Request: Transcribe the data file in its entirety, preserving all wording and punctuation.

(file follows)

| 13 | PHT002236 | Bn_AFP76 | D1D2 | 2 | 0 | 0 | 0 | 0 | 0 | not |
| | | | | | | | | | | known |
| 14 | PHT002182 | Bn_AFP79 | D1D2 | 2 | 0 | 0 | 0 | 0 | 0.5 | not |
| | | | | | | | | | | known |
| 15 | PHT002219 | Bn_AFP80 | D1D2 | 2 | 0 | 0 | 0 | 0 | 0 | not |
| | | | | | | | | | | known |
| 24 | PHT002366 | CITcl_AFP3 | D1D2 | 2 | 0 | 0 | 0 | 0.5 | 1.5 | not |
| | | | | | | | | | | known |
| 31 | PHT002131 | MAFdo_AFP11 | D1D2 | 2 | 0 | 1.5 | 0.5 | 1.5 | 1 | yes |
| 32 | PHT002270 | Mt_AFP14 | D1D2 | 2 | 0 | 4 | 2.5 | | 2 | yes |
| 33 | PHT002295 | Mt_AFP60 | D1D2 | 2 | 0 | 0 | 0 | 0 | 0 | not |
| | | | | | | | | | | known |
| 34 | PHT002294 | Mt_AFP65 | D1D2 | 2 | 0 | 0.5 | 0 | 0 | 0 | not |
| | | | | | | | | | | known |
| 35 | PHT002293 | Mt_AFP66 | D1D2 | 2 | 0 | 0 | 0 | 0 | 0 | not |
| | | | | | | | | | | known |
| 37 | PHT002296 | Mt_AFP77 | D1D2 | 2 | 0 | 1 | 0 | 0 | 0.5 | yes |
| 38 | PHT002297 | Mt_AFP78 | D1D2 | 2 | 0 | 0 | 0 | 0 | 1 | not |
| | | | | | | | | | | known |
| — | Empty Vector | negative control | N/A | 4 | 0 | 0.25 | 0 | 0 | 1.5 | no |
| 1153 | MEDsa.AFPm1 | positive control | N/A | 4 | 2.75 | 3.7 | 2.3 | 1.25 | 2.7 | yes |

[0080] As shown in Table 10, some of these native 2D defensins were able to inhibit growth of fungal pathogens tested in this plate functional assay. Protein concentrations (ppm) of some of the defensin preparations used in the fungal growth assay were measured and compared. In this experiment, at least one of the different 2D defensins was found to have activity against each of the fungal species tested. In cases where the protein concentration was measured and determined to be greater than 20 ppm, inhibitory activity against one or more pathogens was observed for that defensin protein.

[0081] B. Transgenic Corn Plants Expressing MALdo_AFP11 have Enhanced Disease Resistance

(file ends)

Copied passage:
| 13 | PHT002236 | Bn_AFP76 | D1D2 | 2 | 0 | 0 | 0 | 0 | 0 | not |
| | | | | | | | | | | known |
| 14 | PHT002182 | Bn_AFP79 | D1D2 | 2 | 0 | 0 | 0 | 0 | 0.5 | not |
| | | | | | | | | | | known |
| 15 | PHT002219 | Bn_AFP80 | D1D2 | 2 | 0 | 0 | 0 | 0 | 0 | not |
| | | | | | | | | | | known |
| 24 | PHT002366 | CITcl_AFP3 | D1D2 | 2 | 0 | 0 | 0 | 0.5 | 1.5 | not |
| | | | | | | | | | | known |
| 31 | PHT002131 | MAFdo_AFP11 | D1D2 | 2 | 0 | 1.5 | 0.5 | 1.5 | 1 | yes |
| 32 | PHT002270 | Mt_AFP14 | D1D2 | 2 | 0 | 4 | 2.5 | | 2 | yes |
| 33 | PHT002295 | Mt_AFP60 | D1D2 | 2 | 0 | 0 | 0 | 0 | 0 | not |
| | | | | | | | | | | known |
| 34 | PHT002294 | Mt_AFP65 | D1D2 | 2 | 0 | 0.5 | 0 | 0 | 0 | not |
| | | | | | | | | | | known |
| 35 | PHT002293 | Mt_AFP66 | D1D2 | 2 | 0 | 0 | 0 | 0 | 0 | not |
| | | | | | | | | | | known |
| 37 | PHT002296 | Mt_AFP77 | D1D2 | 2 | 0 | 1 | 0 | 0 | 0.5 | yes |
| 38 | PHT002297 | Mt_AFP78 | D1D2 | 2 | 0 | 0 | 0 | 0 | 1 | not |
| | | | | | | | | | | known |
| — | Empty Vector | negative control | N/A | 4 | 0 | 0.25 | 0 | 0 | 1.5 | no |
| 1153 | MEDsa.AFPm1 | positive control | N/A | 4 | 2.75 | 3.7 | 2.3 | 1.25 | 2.7 | yes |

[0080] As shown in Table 10, some of these native 2D defensins were able to inhibit growth of fungal pathogens tested in this plate functional assay. Protein concentrations (ppm) of some of the defensin preparations used in the fungal growth assay were measured and compared. In this experiment, at least one of the different 2D defensins was found to have activity against each of the fungal species tested. In cases where the protein concentration was measured and determined to be greater than 20 ppm, inhibitory activity against one or more pathogens was observed for that defensin protein.

[0081] B. Transgenic Corn Plants Expressing MALdo_AFP11 have Enhanced Disease Resistance